(ii) Full trailers and semitrailers (tractors and semitrailer and truck and trailer combinations), including:
(5) Sales of servicing and repair work peculiar to the servicing and repair of specialized vehicles referred to in paragraph (c)(4) of this section, or performed under a fleet maintenance arrangement on trucks and other automotive vehicles whereby the establishment undertakes to maintain a customer's fleet at a price below the prevailing retail prices.
(6) Sales to motor carriers of services, fuel, equipment, or other goods or facilities by establishments commonly referred to as truck stops. Such establishments, which are physically laid out and specially equipped to meet the highway needs of the motor transportation industry, offer a variety of services to truckers on a “one-stop” basis, and provide services principally to motor carriers and their crews. They are an integral part of the interstate transportation industry and are not within the traditional retail establishments (see paragraphs (c) (4) and (5) of this section).
(7) Sales of diesel fuel (and LP gas) for use as truck or bus fuel and the repair and servicing of trucks and buses used in over-the-road commercial transportation (including parts and accessories for such vehicles) are specialized goods and services “which can never be sold at retail * * * whatever the terms of the sale.” (Idaho Sheet Metal Works, Inc. v. Wirtz, 383 U.S. 190, 202, rehearing denied 383 U.S. 963; Wirtz v. Steepleton General Tire Company, Inc., 383 U.S. 190, 202, rehearing denied 383 U.S. 963.) Sales of these items are nonretail whether made by truck stops or other establishments (see paragraphs (c) (4) and (5) of this section).
(d) Nonspecialized truck parts, accessories and services. Sales of parts and accessories which are of the type used by small trucks engaged in local transportation or by farm vehicles and are not nonretail under paragraph (c)(6) of this section will be tested under paragraphs (b) and (c)(3) (ii) of this section, even when made on occasion for use in larger vehicles. Likewise, repairs and servicing of a minor nature (such as tire repair, battery recharging, cleaning of fuel lines, or minor electrical rewiring) performed on any type vehicle will be considered retail in nature unless nonretail under paragraph (c)(6) of this section or unless a fleet maintenance arrangement as in paragraph (c)(5) of this section is present.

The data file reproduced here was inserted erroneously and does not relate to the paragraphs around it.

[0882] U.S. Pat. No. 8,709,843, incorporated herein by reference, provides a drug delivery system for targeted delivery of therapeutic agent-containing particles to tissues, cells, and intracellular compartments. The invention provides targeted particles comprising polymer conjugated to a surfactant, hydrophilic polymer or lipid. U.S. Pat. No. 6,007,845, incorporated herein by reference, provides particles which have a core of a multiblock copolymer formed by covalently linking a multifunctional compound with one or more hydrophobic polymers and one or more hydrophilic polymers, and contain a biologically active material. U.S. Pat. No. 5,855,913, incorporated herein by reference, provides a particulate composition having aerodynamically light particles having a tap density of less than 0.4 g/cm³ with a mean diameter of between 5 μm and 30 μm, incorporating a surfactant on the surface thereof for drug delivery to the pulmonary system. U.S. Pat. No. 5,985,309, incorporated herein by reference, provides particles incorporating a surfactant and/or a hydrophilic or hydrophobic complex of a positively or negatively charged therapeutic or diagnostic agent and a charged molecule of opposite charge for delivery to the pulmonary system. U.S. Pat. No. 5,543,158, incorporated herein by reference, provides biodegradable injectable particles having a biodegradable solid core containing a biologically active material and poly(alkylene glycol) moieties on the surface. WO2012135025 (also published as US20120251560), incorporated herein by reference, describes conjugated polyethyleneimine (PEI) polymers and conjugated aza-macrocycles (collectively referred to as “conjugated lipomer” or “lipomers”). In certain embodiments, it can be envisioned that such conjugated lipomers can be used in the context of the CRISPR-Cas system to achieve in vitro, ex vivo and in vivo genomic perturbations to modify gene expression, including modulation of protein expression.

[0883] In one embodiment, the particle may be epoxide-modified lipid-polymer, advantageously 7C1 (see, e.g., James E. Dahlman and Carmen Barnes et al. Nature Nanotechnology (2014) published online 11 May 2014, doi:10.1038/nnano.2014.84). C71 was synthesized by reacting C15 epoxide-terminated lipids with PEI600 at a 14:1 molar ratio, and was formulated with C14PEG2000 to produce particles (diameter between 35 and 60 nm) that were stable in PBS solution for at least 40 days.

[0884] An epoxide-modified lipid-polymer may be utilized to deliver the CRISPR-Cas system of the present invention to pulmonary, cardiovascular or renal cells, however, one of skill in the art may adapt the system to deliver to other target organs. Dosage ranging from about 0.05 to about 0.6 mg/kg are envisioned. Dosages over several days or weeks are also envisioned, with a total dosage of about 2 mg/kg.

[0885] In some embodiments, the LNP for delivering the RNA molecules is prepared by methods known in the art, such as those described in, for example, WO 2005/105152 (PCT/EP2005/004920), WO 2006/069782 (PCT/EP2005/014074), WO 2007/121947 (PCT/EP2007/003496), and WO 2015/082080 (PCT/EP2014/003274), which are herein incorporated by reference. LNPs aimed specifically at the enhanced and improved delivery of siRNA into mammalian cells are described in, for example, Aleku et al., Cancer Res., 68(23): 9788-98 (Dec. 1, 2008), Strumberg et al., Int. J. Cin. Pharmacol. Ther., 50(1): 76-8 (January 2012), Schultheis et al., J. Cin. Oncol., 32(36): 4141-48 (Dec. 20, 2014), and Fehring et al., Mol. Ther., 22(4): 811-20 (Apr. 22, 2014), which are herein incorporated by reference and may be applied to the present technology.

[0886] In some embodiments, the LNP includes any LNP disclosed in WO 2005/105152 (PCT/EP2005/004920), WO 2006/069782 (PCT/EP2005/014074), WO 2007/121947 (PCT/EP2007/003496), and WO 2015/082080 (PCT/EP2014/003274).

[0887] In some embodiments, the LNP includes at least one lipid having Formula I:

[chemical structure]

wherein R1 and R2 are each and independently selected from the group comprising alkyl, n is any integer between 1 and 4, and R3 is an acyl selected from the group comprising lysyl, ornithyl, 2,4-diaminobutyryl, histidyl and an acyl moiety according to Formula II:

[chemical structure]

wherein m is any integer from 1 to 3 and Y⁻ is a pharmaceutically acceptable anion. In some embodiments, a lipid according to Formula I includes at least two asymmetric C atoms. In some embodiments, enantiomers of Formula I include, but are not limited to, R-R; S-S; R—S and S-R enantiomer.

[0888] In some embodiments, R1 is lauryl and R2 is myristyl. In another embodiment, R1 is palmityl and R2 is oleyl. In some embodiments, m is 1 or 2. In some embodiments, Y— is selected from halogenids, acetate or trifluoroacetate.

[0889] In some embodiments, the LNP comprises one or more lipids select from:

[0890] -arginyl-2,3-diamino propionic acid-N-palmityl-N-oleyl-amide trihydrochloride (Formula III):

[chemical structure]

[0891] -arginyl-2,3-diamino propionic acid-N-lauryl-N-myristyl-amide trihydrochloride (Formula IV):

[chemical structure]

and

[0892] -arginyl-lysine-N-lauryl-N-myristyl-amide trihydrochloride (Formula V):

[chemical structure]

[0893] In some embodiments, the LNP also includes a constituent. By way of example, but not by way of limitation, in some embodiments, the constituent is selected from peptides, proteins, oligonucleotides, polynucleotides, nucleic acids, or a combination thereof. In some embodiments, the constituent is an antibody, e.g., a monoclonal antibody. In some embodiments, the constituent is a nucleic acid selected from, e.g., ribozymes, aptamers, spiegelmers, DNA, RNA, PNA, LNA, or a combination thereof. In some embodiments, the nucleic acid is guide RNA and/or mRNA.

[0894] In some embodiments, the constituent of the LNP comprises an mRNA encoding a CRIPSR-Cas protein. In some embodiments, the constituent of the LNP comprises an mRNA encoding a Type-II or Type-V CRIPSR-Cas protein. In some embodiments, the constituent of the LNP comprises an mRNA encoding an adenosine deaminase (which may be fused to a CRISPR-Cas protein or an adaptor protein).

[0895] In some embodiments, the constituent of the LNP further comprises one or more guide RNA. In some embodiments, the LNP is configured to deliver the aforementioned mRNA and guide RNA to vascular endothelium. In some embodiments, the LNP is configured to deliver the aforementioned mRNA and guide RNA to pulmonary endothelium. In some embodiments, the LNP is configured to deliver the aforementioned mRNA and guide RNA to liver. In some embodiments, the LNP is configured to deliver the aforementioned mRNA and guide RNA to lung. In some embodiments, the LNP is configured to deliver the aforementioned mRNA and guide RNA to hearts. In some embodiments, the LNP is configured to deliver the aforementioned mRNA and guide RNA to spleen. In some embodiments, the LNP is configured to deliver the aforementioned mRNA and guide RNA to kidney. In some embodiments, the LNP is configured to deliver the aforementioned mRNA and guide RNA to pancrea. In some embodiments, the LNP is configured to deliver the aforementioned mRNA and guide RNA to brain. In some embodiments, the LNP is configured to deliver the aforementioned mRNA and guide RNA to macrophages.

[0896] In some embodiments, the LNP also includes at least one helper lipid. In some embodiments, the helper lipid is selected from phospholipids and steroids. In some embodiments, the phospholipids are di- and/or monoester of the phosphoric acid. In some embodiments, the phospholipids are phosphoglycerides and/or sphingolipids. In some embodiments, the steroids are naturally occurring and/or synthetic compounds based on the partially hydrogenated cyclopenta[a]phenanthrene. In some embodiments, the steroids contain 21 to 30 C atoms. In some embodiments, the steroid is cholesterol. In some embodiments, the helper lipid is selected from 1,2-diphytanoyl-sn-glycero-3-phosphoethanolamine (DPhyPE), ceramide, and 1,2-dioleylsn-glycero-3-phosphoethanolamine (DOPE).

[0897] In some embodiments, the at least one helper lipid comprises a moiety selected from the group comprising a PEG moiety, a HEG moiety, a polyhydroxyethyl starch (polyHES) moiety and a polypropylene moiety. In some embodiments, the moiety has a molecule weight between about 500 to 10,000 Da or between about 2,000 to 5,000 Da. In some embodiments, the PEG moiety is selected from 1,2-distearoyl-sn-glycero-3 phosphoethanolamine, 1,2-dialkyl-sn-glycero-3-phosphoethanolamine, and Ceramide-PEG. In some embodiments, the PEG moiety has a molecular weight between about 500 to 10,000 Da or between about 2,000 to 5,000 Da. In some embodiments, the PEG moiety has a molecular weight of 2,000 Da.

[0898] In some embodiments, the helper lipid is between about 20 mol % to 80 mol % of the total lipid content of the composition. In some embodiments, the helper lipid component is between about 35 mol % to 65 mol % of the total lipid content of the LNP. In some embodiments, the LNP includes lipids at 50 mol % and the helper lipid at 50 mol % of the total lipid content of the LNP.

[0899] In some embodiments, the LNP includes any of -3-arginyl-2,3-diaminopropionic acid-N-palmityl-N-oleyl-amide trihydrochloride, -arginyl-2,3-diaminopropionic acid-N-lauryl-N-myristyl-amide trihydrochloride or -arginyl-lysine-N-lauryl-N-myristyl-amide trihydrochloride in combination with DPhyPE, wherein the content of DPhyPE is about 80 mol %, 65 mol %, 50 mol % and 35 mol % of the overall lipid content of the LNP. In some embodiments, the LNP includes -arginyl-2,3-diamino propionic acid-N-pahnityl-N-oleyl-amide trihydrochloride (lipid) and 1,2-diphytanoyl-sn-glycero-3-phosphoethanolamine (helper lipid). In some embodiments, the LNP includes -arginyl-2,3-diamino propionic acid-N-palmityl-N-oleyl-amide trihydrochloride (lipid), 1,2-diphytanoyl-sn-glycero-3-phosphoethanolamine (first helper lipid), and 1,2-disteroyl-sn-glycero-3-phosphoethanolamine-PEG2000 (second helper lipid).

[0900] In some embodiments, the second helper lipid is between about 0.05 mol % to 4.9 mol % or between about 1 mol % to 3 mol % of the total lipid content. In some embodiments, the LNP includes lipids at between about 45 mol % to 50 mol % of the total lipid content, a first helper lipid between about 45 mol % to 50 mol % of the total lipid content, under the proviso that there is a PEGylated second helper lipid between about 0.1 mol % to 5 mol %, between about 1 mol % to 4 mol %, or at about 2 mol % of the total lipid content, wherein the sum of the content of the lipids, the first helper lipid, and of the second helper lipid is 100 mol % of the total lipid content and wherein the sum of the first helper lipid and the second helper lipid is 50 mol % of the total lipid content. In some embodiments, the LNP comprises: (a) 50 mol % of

(e) Farm implement sales. Sales of farm machinery, such as equipment necessary for plowing, planting, thinning, weeding, fertilizing, irrigating, and harvesting of crops, and raising of livestock on the farm, and the repair work thereon, will be considered as retail (whether sold to farmers or nonfarmers) when they satisfy the tests referred to in paragraph (b) of this section. The following, which fail to satisfy these tests, must be classified as nonretail:
(1) Sales for resale. For example, sales of new or used machinery, parts, accessories or services to service stations, repair shops and other dealers, where these establishments resell these items or where they use them in repairing customers' farm implements or in reconditioning used farm implements for resale, are sales for resale. However, this does not apply to internal transfers of such items between departments within the dealer's establishment. Transfers of parts from the parts department to the service department of a farm implement dealer's establishment will not be considered sales for resale, and will be disregarded in computing the establishment's sales for determining the applicability of the section 13(a)(2) exemption.
(2) Sales made pursuant to formal invitation to bid. Such sales are made under a procedure involving the issuance by the buyer of a formal invitation to bid on certain merchandise for delivery in accordance with prescribed terms and specifications. Sales to Federal, State and local governments are typically made in this manner.
(3) Sales of specialized equipment not ordinarily used by farmers, such as:
(4) Sales of junk.
(5) Sales of machinery or equipment which are sold “installed”, where the installation involves construction work. Installations which require extensive planning, labor and use of specialized equipment ordinarily constitute construction work. In such cases the cost of installation ordinarily is substantial in relation to the cost of the goods installed.
(f) Quantity sales to farmers. It should be noted that the concept of fleet sales discussed in paragraphs (c)(3) and (5) of this section is not applied to sales to farmers, even though the farmer uses five or more vehicles on his farm.
(g) Particular activities which lack a retail concept. Any receipts derived from warehousing, construction, including water well drilling, or manufacturing activities performed by the automobile, truck, or farm implement dealer are not receipts from retail sales. These activities and the manufacturing of farm implements are not retail activities.